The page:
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In the future, a woman with a spinal cord injury could make a full recovery; a baby with a weak heart could pump his own blood. How close are we today to the bold promise of bionics—and could this technology be used to improve normal human functions, as well as to repair us? Join Bill Blakemore, John Donoghue, Jennifer French, Joseph J. Fins, and P. Hunter Peckham at “Better, Stronger, Faster,” part of the Big Ideas Series, as they explore the unfolding future of embedded technology.
This program is part of the Big Ideas Series, made possible with support from the John Templeton Foundation.
Bill Blakemore became a reporter for ABC News 46 years ago, covering a wide variety of stories. He spearheaded ABC’s coverage of global warming, traveling from the tropics to polar regions to report on its impacts, dangers, and possible remedies.Read More
Hunter Peckham works on functional electrical stimulation, a method to restore limb control in paralyzed individuals. The technique uses implantable neural prostheses to control the muscles.Read More
Joseph J. Fins is The E. William Davis, Jr. M.D. Professor of Medical Ethics and Chief of the Division of Medical Ethics at Weill Cornell Medical College where he is a tenured Professor of Medicine, Professor of Medical Ethics in Neurology and Professor of Health Care Policy and Research.Read More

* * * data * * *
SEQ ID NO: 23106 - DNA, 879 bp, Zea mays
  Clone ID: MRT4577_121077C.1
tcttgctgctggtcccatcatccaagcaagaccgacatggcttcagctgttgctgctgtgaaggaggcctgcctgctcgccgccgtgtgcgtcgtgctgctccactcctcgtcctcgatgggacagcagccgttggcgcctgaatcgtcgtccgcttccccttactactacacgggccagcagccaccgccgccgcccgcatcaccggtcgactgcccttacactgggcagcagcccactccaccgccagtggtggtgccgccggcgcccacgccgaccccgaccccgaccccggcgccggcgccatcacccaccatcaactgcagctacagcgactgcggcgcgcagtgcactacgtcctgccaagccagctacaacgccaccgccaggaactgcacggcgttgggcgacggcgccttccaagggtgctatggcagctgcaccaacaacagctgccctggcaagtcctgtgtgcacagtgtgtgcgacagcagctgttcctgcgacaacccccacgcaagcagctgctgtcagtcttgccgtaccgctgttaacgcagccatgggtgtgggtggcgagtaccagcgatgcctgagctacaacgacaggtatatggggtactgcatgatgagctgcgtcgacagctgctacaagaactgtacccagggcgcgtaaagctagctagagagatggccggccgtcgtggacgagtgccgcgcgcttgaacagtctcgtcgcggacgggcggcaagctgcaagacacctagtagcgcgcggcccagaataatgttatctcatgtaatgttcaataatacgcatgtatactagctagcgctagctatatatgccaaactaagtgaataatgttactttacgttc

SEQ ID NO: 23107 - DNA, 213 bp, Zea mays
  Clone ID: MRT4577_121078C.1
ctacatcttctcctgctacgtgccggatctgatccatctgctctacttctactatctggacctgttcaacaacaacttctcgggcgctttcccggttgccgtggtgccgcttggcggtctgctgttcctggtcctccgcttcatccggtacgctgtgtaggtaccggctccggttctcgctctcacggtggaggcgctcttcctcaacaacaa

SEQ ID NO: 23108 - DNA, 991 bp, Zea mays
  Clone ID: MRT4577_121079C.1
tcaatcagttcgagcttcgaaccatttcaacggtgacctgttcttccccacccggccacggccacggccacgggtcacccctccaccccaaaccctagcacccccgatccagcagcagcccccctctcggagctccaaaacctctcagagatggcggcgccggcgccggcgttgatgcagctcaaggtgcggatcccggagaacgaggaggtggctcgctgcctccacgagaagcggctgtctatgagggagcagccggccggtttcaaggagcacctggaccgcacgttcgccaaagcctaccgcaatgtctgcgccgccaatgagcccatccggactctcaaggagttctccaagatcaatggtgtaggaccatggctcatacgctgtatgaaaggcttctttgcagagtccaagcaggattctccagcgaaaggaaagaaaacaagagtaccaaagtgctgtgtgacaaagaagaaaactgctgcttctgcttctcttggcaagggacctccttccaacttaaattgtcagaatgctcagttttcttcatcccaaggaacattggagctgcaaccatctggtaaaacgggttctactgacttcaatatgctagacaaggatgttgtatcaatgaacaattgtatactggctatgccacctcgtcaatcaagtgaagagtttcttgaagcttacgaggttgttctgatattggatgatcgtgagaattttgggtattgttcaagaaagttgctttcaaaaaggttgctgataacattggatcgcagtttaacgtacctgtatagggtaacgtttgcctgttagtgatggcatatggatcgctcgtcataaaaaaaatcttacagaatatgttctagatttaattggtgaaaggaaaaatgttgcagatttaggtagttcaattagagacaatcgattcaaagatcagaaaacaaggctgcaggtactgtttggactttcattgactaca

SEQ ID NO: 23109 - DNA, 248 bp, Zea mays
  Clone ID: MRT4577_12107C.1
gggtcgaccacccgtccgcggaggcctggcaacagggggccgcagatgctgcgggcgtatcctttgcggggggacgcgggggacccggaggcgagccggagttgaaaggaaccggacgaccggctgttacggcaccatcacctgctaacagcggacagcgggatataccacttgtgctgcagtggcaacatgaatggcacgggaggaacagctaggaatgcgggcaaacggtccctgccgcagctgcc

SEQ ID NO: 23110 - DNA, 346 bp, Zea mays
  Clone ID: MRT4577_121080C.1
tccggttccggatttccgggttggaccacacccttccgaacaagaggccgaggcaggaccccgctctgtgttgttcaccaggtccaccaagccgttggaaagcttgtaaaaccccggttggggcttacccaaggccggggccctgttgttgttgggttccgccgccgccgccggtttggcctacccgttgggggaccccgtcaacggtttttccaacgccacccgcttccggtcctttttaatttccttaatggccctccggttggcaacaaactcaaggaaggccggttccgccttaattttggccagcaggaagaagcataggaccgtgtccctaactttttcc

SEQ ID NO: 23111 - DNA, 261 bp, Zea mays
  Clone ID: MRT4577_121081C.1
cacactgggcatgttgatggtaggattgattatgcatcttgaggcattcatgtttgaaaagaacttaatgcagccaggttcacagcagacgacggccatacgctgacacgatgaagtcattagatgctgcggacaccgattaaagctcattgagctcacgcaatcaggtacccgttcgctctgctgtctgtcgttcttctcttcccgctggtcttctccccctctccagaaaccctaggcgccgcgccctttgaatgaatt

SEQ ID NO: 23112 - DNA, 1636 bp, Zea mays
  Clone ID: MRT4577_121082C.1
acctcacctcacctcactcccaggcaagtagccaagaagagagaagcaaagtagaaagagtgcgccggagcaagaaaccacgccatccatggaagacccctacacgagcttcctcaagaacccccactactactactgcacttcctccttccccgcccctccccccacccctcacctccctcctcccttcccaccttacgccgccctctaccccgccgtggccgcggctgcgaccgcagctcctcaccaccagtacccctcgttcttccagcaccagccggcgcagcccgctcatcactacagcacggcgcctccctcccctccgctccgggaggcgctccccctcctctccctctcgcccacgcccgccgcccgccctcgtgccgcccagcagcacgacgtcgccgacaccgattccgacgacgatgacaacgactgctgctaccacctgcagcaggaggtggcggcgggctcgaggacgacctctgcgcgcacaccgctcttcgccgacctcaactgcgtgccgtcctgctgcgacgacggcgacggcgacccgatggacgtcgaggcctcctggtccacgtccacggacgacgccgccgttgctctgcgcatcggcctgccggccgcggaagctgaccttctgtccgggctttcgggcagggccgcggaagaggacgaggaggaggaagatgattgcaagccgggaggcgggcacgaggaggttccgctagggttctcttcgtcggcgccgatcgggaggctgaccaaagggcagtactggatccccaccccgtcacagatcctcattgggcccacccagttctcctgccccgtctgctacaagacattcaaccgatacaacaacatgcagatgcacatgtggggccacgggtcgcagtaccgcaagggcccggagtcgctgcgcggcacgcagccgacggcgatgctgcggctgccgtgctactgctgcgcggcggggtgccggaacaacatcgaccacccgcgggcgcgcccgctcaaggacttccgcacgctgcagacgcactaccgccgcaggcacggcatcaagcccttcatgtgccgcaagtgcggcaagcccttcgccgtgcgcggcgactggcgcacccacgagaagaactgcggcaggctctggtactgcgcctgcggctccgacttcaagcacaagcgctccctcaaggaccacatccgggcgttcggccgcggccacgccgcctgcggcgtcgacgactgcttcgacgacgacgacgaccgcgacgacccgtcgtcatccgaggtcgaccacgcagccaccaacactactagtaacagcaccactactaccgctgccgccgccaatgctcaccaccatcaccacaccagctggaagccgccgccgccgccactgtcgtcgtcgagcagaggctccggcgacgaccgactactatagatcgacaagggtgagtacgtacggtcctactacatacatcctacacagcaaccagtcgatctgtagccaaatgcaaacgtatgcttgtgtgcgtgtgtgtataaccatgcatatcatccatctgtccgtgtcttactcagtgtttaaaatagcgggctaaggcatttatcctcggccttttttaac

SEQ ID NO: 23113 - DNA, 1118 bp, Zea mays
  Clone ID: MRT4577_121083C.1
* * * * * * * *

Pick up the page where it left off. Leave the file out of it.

Jennifer French is the 2012 Rolex Yachtswoman of the Year, a silver medalist in sailing, and a quadriplegic. She is the first woman to receive the implanted Stand and Transfer system, an experimental device that uses implanted electrodes and an external control device.Read More
Professor John Donoghue was the founding chairman of the Department of Neuroscience at Brown, a position he held for thirteen years. He is currently the director of the Brown Institute for Brain Science, which unites more than one hundred Brown faculty members to support interdisciplinary research on the nervous system.Read More